What would be the result of a referendum on the EU?
What would be the result of a referendum on continuing membership negotations with the EU—a suggestion that has been voiced frequently recently by President Recep Tayyip Erdoğan?
What is the current level of support, which had gone as high up as 75 percent during the initial period of negotiations in the 2000s?
It appears Americans are also curious about the answer to that question related to the ongoing intensive debate within the Western world about “where Turkey is going.”
The Washington based think tank Center for American Progress (CAP), known by its affinity to the Democratic Party, tried to understand the state of support for the European Union in Turkey by asking Metropoll, one of Turkey’s leading research companies, to conduct an opinion poll. The company went on the field before the elections between May 24 and July 4 and asked answers to questions related to the EU via face to face interviews with 2,534 participants.
First, Metropoll asked, “Do you want Turkey to be a part of the EU?” The answer to that question reveals a meaningful drop in support to the EU, which for years maintained a net majority and that the Turkish nation is literally divided on the issue.
While 49 percent of participants said yes, 50 percent said no. One percent either did not give an answer or said, “I don’t know.”
Among the supporters of the Justice and Development Party (AKP), 46 percent said yes, 52 percent said no.
Even if the “no” response is higher, there is non-negligible support within the AKP for the accession process.
Among the supporters of the main opposition Republican People’s Party (CHP), 56 percent said “yes,” while 43 percent said “no.”
It is possible to say a meaningful segment has been influenced partially by the nationalist/patriotic wing within the CHP and has an anti-EU stance. The weakest support to EU membership comes from the constituency of the Nationalist Movement Party (MHP) with 39 percent. A majority of 61 percent within the MHP opposes Turkey’s accession to the EU. The strongest support for membership obviously comes from the Peoples’ Democracy Party (HDP) with 60 percent.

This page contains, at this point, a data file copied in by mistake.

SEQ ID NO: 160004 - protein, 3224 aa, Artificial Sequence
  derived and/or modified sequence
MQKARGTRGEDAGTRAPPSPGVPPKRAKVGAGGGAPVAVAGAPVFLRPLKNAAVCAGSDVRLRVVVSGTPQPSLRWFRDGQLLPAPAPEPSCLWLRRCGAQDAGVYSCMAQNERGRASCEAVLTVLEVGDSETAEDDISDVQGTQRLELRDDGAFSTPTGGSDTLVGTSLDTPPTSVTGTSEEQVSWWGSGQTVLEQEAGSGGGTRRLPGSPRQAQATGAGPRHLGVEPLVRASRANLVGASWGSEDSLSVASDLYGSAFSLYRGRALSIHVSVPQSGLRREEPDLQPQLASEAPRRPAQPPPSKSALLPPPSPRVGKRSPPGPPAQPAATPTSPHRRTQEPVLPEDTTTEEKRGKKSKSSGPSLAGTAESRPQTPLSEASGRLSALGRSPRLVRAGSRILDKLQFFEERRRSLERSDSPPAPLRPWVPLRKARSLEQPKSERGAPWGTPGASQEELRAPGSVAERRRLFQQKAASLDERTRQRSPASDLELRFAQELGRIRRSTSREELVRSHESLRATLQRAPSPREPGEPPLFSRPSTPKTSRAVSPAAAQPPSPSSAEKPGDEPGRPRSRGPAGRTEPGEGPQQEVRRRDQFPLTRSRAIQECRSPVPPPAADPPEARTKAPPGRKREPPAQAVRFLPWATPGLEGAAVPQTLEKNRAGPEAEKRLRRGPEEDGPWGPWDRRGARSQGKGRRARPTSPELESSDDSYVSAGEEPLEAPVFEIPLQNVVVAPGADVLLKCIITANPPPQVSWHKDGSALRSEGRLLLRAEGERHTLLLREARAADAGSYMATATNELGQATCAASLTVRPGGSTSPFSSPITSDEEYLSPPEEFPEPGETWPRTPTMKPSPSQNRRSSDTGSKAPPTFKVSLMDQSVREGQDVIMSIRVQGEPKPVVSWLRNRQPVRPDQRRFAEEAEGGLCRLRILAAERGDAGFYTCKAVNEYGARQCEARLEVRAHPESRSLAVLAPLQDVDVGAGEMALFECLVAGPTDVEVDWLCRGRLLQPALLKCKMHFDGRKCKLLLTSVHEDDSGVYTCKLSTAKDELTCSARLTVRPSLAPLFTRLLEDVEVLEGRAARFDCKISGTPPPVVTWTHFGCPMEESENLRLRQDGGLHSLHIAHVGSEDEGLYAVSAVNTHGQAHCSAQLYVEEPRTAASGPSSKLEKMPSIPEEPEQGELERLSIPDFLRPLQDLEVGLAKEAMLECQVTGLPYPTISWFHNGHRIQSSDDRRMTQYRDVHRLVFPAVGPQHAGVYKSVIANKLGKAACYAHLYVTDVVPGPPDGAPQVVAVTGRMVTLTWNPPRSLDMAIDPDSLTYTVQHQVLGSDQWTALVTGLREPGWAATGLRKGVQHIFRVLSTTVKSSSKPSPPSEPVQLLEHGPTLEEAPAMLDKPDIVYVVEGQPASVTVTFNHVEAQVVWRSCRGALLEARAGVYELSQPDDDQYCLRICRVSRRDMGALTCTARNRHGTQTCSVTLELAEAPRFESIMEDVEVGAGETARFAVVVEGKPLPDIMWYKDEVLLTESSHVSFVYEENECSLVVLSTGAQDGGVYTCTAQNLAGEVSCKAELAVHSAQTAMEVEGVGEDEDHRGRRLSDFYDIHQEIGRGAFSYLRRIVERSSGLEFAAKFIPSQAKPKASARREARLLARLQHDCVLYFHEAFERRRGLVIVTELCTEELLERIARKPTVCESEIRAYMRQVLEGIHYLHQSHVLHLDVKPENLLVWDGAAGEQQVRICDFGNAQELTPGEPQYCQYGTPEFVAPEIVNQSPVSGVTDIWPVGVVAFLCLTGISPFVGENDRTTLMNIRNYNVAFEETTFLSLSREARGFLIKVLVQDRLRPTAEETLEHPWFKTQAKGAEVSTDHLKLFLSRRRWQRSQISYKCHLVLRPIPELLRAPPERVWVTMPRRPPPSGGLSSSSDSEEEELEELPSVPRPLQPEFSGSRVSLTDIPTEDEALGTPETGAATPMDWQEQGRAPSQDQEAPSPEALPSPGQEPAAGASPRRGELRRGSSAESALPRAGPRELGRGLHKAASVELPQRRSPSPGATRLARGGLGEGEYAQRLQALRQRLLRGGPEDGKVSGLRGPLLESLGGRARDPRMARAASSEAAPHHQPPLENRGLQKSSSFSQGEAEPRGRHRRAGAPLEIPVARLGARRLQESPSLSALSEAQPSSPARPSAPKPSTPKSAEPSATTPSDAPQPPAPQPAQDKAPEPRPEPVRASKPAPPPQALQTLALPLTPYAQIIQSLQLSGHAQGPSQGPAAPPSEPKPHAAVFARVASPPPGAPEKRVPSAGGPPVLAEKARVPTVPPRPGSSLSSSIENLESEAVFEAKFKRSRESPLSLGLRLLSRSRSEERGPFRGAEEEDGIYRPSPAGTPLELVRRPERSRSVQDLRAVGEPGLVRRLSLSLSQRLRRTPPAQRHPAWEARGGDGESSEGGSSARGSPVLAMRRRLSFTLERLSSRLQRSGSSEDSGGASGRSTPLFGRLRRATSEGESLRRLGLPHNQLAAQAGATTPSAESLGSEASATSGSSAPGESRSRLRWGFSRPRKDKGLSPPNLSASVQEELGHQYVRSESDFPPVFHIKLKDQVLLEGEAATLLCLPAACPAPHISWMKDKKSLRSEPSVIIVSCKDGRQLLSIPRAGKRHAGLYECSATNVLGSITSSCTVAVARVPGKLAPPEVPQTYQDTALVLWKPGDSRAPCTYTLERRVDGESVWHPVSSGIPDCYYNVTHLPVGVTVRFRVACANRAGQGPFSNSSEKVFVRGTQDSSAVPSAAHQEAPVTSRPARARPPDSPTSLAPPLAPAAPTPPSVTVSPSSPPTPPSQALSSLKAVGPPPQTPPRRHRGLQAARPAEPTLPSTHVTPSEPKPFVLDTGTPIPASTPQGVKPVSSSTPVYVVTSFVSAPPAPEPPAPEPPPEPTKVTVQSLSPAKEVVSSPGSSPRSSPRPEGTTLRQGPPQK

Meanwhile, despite the division on the membership issue, 65 percent of the Turkish nation has a warm stance on traveling to the EU, or going there for education or employment.
Interestingly, positive answers go up as high as 61 percent within AKP supporters, 55 percent among MHP voters and 77 percent within the CHP.
In other words, even though there is erosion on the support for membership, the majority of Turks want the EU’s door open for options like travel, education or employment.
An important point we should underline here is this: This research reflects tendencies that are not affected by hot political debates within the framework of a referendum. In case of a referendum, different dynamics would start factoring in with the involvement of government and opposition.
In case President Recep Tayyip Erdoğan was to decide to opt for ending negotiations, run a strong campaign in this direction and use means of propaganda on his hands to the maximum extent possible as can be seen in previous examples, the probability of having the cursor go in a definite way towards the “no” front cannot be underestimated.
There is another interesting point. Even if Turks are divided on the EU issue, this division disappears on the question of whether or not Turkey should remain in NATO.
Fifty-five percent said “yes,” while 27 percent said “no.” Eighteen percent said, “I don’t know,” or chose not to respond.
With 58 percent within the AK Party’s voters and 59 percent within CHP voters, the support level between the two parties is very close. This rate goes up to 65 percent within the MHP.
As a result, we can say Turks do not have much hestitation on NATO membership, whereas they are divided on membership to the EU.